Vector's 'Vibes Before Teslim,' Is A Colorful And Self-Aware Effort From The Rapper | Album Review


Almost two minutes, the last song on Vector's new EP, Vibes Before Teslim, has Vector repeating some lines. Famed for his obsession with puns, he tends to be showy with it. The song is, interestingly, self-produced. "Never Scared," features somber acapella humming for a beat, and it is everything that presents the "thing" about Vector's music: the problematic fact that it threads a thin line between corny and genius.

Vector's 'Vibes Before Teslim,' Is A Colorful And Self-Aware Effort From The Rapper | Album Review

Vector's 'Vibes Before Teslim,' Is A Colorful And Self-Aware Effort From The Rapper | Album Review

Vector, who infamously trolled rival M.I's fans as "dumb," really has to learn to trust his with his very intelligent words. He doesn't have repeat every bar – but that's dwelling on his notoriety.

Vector's 'Vibes Before Teslim' Album Review

"Your Biology Is Sending You To Hell," VBT's opener is a warm Trap record. Casually, Vector calls out a person who is most likely M.I. On the back of the biggest beef, Vector has built his moves around his victory. Hence, the choice for an opener. "Vector's Vibe," is a summery song, a feel-good production amplified by the sugary qualities of Vector's voice, delivered to a rap-singy effect. "Comfort," the assurance-themed bop, features prosperity prophet Davido. Lively and owambe-sounding, it well plays into the light opening Vector has chosen for VBT.

Employing his pop sensibilities, Vector's latest tape is replete with commercially- viable sounds. Slimcase and DJ Niyor feature on the head-bopping "Just Incase" while "Alaye Jor Jor Jor" retains the now-epic hook of the original track; this one is updated with a duo of new verses, which are rooted in street-like delivery, lyrics which swears to be nothing but the truth. "Mind Games" is Vector at his philosophical, rapping intensely over a beat which could have been lifted from a mid-2000s video game soundtrack – for a video, one imagines Vector in black, walking past a desolate street, musing. On "Oja," Vector makes do with sweet short verses joined by an Oritse-Femi esque hook and chorus; production wise, it is probably the best of the project. "Adurah," the prayerful number which is boastful at the same breath, gets an EDM remix – a failed experiment: the appropriation doesn't lift; does not even pretend to.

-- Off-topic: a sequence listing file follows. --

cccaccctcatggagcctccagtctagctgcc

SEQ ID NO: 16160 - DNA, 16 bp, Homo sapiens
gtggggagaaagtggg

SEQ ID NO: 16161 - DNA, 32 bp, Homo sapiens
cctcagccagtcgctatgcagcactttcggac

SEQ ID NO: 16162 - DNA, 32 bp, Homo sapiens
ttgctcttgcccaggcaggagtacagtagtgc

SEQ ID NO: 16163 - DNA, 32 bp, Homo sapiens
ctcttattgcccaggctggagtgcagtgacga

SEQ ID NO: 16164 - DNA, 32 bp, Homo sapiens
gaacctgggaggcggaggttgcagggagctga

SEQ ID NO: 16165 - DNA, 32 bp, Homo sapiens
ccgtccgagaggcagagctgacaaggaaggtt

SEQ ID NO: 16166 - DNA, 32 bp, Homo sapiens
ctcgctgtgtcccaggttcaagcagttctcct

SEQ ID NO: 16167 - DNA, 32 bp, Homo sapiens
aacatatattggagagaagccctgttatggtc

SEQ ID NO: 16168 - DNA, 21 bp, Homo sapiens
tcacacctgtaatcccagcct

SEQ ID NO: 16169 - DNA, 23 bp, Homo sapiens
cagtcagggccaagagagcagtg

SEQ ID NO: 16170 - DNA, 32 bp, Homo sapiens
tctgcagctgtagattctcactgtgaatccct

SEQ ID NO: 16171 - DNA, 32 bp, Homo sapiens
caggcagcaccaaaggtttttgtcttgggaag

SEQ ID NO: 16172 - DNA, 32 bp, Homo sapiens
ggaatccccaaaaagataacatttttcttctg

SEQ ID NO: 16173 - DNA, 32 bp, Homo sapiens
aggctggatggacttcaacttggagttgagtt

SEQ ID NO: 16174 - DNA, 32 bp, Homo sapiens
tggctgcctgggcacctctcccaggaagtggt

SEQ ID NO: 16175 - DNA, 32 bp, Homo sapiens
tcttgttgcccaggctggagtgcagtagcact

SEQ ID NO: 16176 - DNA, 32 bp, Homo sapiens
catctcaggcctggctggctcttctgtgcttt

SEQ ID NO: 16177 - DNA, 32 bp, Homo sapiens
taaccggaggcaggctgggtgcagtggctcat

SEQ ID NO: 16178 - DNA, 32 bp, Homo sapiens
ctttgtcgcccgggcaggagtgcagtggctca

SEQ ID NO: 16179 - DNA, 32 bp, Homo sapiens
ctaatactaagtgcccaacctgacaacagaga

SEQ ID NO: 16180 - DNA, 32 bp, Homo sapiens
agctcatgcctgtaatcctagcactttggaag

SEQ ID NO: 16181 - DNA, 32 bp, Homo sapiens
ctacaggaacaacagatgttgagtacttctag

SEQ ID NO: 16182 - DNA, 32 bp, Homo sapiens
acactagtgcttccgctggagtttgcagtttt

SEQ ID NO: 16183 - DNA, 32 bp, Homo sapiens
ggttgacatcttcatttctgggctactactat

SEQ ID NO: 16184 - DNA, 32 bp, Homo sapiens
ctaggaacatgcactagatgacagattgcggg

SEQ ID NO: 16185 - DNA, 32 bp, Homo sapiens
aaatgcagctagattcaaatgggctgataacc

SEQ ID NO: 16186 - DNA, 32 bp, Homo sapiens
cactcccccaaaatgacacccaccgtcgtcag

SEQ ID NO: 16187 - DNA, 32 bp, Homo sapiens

What does however, is Vector's excellent performance on "The Man With A Gun". A storytelling cut, it explores the country's many vices over a laid-back beat. Vector's calm flow floats over the beat as, line after line, he reports of the Nigerian reality with a journalistic detachment that sells the song's truth.

Vector goes into his latest project in a time when his place in Nigerian Hip Hop is under question. This happened when his almost-decade beef with M.I escalated into snakes and rats. While his fan base considers him to be a GOAT, in reality, he falls just below that category. No doubt a great, he is one of the country's more commercially acceptable rappers. However, critical acclaim remains to be achieved. Vector infamously has no acclaimed classic, with many of his projects merely good. 

'Vibes Before Teslim' tracklist

Vibes Before Teslim offers a worthy leap. However, it is an EP, and expectedly, wouldn't count for much. In the grand scale of things, though, it would be viewed as the project Vector put out after the beef which, more than questioning his position, questioned his character. On VBT, Vector is nimble with his showmanship: most obviously is the scraping of the original verse of "Judas (The Rat)" which revealed not-so-good personal info on Jesse Jagz. Another case: he goes for the colors; as opposed to dropping haughty bars over hard-hitting beats, he curates 28 minutes worth of an enjoyable listen. He promises vibes before 'Teslim' (most likely his next album), and he delivers: it is the surest (the self-discovery part) Vector has been in a while. Hopefully, he keeps the form into the new album, and that GOAT talk will surely come up again.

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